I've been doing a lot with Arduino recently. It's very simple because you can directly execute C++ code on it without the need of operating systems or drivers.

I've done some research and AFAIK, you usually install Linux on the Raspberry PI and create python scripts or C++ binaries on it.

Question: Is it possible to run code on it without any operating system, but still being able to use HDMI and SD cards?

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    \$\begingroup\$ You may find it easier to do bare-metal projects on a smaller and less capable, but more completely documented ARM processor. Though watch out for badly implemented, proprietary debug adapters on cheap dev boards - sometimes these get reverse engineered open drivers, or you can buy a real jtag or use a serial bootloader. At least with the pi you should be able to expect good toolchain support. \$\endgroup\$ – Chris Stratton Jul 8 '12 at 3:23

Run code on the RaPi without OS: No problem. David Welch has done the grunt work, check his gitub. Basically, you can take the standard startup files and replace the kernel.img with the file you want to run. To avoid the 'SD card dance' you can run a bootloader that receives the image-to-be-run over a serial line. I have added an auto-reboot, so you can run a new image 'hands-off'. If you want to go this route I have some more information.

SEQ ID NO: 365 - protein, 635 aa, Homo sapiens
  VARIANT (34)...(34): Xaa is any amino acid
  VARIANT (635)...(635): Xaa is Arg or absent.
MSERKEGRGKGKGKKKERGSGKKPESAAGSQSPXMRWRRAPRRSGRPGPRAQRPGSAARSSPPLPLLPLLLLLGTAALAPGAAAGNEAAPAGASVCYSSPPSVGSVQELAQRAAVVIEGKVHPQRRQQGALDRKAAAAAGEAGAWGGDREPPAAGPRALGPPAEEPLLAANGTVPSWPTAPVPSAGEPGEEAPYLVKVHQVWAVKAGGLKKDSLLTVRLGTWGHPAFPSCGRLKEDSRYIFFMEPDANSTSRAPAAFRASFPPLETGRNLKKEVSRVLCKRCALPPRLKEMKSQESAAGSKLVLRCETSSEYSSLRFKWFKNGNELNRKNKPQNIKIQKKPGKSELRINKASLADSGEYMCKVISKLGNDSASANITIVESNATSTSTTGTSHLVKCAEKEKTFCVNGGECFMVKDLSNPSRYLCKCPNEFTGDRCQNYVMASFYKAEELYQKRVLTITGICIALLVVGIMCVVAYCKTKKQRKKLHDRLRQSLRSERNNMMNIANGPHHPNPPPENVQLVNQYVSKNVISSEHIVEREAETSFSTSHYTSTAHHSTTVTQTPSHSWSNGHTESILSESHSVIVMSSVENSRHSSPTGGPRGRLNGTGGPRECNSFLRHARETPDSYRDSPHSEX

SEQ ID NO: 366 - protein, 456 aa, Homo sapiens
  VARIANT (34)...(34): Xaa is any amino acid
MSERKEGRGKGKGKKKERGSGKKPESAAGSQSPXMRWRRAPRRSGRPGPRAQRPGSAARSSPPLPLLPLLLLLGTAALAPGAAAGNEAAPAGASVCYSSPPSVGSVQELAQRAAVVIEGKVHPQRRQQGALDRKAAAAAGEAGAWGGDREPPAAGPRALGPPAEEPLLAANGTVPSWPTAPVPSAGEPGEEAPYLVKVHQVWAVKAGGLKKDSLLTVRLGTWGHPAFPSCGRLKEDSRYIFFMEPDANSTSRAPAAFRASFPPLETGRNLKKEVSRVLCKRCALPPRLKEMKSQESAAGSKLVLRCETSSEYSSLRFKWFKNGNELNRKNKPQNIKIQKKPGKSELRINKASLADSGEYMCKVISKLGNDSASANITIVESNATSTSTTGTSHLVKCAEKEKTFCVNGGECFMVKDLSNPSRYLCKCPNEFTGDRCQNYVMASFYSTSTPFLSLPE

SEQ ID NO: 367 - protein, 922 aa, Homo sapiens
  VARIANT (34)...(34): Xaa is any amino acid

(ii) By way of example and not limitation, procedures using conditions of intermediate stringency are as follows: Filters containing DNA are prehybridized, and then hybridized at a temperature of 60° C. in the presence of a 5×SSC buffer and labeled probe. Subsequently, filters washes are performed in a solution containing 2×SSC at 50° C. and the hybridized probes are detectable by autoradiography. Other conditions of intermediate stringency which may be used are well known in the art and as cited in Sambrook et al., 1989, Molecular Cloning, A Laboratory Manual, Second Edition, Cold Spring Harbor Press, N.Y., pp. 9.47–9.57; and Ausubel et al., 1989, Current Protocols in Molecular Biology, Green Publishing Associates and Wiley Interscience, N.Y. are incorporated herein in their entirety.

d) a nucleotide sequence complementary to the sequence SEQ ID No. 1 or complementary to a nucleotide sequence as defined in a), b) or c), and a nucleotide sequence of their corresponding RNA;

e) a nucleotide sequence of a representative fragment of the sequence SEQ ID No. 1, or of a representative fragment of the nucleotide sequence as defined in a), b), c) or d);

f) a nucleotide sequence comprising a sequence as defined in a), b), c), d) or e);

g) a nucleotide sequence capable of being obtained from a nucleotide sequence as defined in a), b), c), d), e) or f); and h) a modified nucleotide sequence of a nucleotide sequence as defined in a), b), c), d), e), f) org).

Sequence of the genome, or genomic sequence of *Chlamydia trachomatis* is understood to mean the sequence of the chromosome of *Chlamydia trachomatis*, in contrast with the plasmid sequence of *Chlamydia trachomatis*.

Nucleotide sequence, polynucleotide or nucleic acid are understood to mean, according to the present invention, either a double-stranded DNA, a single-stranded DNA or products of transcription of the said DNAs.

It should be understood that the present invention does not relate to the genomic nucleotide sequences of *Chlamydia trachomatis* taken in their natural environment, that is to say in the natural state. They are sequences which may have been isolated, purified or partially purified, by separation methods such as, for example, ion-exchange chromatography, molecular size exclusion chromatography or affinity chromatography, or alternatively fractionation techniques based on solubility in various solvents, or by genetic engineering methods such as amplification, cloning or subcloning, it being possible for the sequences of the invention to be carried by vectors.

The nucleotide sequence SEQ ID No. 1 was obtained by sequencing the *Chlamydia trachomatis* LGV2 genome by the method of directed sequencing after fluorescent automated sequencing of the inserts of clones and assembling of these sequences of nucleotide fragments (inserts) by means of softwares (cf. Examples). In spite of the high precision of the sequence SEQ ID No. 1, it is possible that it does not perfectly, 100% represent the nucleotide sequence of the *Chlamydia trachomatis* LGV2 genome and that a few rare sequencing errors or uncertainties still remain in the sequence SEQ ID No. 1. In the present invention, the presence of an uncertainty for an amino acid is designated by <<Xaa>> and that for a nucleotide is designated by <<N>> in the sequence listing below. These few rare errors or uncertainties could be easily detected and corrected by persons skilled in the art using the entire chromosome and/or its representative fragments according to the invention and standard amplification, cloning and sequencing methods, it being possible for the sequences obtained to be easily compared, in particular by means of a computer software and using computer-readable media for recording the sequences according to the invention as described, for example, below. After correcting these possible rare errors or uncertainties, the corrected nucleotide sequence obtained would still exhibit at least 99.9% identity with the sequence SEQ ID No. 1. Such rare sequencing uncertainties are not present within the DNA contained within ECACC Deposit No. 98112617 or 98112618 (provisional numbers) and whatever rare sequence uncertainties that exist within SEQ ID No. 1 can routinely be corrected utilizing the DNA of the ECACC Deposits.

Run your own bare-metal application and use the screen and SD card: That's a problem. All information is available deep in the Linux sources, and there are persons working on this (check DexOs?), so I assume in a half a year or so this info will be common knowledge. But for now I would say this is probably too much work.

  • \$\begingroup\$ I wonder how the CPU can load the kernel from the SD card without the appropriate drivers for the SD card and the file system? \$\endgroup\$ – bytecode77 Jul 7 '12 at 18:40
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    \$\begingroup\$ The basic files that you need (and can be downloaded from the RaPi site, alone or as part of a Linux distribution) include a startup file for the GPU. Presumably the GPU has some built-in bootROM that allows it to read the SD, load its code, load the kernel.img, and activate the ARM CPU. \$\endgroup\$ – Wouter van Ooijen Jul 7 '12 at 18:57
  • \$\begingroup\$ @DevilsChild - many CPU's have basic bootloaders built in, the TI Davinci part I'm working with has a "ROM bootloader" that can work over serial or from SD card. SD cards use a basic SPI interface. \$\endgroup\$ – John U Apr 9 '14 at 8:32

It's always possible, but you'll have to write your own drivers for the HDMI and the SD-interface, and possibly a file system for the latter too.

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    \$\begingroup\$ Actually it would be extremely complicated since it's GPU which starts first and then needs to load some Broadcom's binary blobs in order to start the CPU. Also, if I remember correctly, GPU drivers and firmware are closed source too. \$\endgroup\$ – AndrejaKo Jul 7 '12 at 17:04